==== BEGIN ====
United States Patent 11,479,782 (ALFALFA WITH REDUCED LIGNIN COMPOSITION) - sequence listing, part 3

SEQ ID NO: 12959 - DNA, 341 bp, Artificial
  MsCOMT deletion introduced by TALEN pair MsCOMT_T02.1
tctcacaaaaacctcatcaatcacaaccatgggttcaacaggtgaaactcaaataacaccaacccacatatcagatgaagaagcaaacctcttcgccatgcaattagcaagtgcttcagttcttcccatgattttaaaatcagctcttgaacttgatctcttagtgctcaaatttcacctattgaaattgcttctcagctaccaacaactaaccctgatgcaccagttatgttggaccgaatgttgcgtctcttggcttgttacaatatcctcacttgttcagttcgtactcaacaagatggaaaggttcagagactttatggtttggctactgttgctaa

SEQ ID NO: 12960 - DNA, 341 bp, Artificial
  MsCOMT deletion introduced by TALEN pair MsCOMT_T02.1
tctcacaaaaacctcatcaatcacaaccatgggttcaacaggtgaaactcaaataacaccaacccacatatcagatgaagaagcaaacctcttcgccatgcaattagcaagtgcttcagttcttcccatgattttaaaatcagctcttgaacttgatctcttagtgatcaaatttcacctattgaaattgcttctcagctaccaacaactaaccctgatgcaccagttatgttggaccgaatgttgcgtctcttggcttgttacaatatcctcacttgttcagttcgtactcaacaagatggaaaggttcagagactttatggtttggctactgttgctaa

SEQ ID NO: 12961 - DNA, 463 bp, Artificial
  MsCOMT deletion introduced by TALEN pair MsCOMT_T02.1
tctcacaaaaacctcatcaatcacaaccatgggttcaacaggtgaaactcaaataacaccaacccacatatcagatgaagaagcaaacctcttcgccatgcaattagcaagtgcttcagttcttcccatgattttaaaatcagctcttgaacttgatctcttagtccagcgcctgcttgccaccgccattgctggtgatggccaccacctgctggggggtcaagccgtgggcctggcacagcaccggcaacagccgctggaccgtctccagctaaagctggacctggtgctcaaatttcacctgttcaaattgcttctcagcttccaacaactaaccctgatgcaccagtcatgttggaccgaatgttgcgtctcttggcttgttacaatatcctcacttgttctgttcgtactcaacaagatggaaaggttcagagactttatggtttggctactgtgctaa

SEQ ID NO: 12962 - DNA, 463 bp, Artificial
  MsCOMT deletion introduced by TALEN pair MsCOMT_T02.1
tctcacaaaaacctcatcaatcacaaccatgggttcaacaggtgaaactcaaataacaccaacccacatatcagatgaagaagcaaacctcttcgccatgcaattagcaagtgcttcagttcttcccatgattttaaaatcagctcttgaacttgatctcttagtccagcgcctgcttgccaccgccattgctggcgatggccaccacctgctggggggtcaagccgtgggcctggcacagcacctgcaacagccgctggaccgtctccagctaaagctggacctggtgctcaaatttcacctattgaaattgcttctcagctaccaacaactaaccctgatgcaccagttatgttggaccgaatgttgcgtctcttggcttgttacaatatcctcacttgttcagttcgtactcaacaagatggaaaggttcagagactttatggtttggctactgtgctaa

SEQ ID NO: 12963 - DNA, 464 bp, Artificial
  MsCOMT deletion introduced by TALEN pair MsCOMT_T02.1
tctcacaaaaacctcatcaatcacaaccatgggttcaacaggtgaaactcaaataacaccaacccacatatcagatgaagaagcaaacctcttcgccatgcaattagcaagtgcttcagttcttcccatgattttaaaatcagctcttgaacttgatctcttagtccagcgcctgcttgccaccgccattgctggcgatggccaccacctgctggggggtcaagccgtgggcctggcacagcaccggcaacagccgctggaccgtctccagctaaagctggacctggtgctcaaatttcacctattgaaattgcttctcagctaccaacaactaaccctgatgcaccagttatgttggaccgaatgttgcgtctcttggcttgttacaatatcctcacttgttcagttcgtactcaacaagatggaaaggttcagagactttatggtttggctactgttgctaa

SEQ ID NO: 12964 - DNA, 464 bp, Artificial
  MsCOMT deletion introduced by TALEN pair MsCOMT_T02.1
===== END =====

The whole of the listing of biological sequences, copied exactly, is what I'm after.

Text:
United States Patent 11,479,782 (ALFALFA WITH REDUCED LIGNIN COMPOSITION) - sequence listing, part 3

SEQ ID NO: 12959 - DNA, 341 bp, Artificial
  MsCOMT deletion introduced by TALEN pair MsCOMT_T02.1
tctcacaaaaacctcatcaatcacaaccatgggttcaacaggtgaaactcaaataacaccaacccacatatcagatgaagaagcaaacctcttcgccatgcaattagcaagtgcttcagttcttcccatgattttaaaatcagctcttgaacttgatctcttagtgctcaaatttcacctattgaaattgcttctcagctaccaacaactaaccctgatgcaccagttatgttggaccgaatgttgcgtctcttggcttgttacaatatcctcacttgttcagttcgtactcaacaagatggaaaggttcagagactttatggtttggctactgttgctaa

SEQ ID NO: 12960 - DNA, 341 bp, Artificial
  MsCOMT deletion introduced by TALEN pair MsCOMT_T02.1
tctcacaaaaacctcatcaatcacaaccatgggttcaacaggtgaaactcaaataacaccaacccacatatcagatgaagaagcaaacctcttcgccatgcaattagcaagtgcttcagttcttcccatgattttaaaatcagctcttgaacttgatctcttagtgatcaaatttcacctattgaaattgcttctcagctaccaacaactaaccctgatgcaccagttatgttggaccgaatgttgcgtctcttggcttgttacaatatcctcacttgttcagttcgtactcaacaagatggaaaggttcagagactttatggtttggctactgttgctaa

SEQ ID NO: 12961 - DNA, 463 bp, Artificial
  MsCOMT deletion introduced by TALEN pair MsCOMT_T02.1
tctcacaaaaacctcatcaatcacaaccatgggttcaacaggtgaaactcaaataacaccaacccacatatcagatgaagaagcaaacctcttcgccatgcaattagcaagtgcttcagttcttcccatgattttaaaatcagctcttgaacttgatctcttagtccagcgcctgcttgccaccgccattgctggtgatggccaccacctgctggggggtcaagccgtgggcctggcacagcaccggcaacagccgctggaccgtctccagctaaagctggacctggtgctcaaatttcacctgttcaaattgcttctcagcttccaacaactaaccctgatgcaccagtcatgttggaccgaatgttgcgtctcttggcttgttacaatatcctcacttgttctgttcgtactcaacaagatggaaaggttcagagactttatggtttggctactgtgctaa

SEQ ID NO: 12962 - DNA, 463 bp, Artificial
  MsCOMT deletion introduced by TALEN pair MsCOMT_T02.1
tctcacaaaaacctcatcaatcacaaccatgggttcaacaggtgaaactcaaataacaccaacccacatatcagatgaagaagcaaacctcttcgccatgcaattagcaagtgcttcagttcttcccatgattttaaaatcagctcttgaacttgatctcttagtccagcgcctgcttgccaccgccattgctggcgatggccaccacctgctggggggtcaagccgtgggcctggcacagcacctgcaacagccgctggaccgtctccagctaaagctggacctggtgctcaaatttcacctattgaaattgcttctcagctaccaacaactaaccctgatgcaccagttatgttggaccgaatgttgcgtctcttggcttgttacaatatcctcacttgttcagttcgtactcaacaagatggaaaggttcagagactttatggtttggctactgtgctaa

SEQ ID NO: 12963 - DNA, 464 bp, Artificial
  MsCOMT deletion introduced by TALEN pair MsCOMT_T02.1
tctcacaaaaacctcatcaatcacaaccatgggttcaacaggtgaaactcaaataacaccaacccacatatcagatgaagaagcaaacctcttcgccatgcaattagcaagtgcttcagttcttcccatgattttaaaatcagctcttgaacttgatctcttagtccagcgcctgcttgccaccgccattgctggcgatggccaccacctgctggggggtcaagccgtgggcctggcacagcaccggcaacagccgctggaccgtctccagctaaagctggacctggtgctcaaatttcacctattgaaattgcttctcagctaccaacaactaaccctgatgcaccagttatgttggaccgaatgttgcgtctcttggcttgttacaatatcctcacttgttcagttcgtactcaacaagatggaaaggttcagagactttatggtttggctactgttgctaa

SEQ ID NO: 12964 - DNA, 464 bp, Artificial
  MsCOMT deletion introduced by TALEN pair MsCOMT_T02.1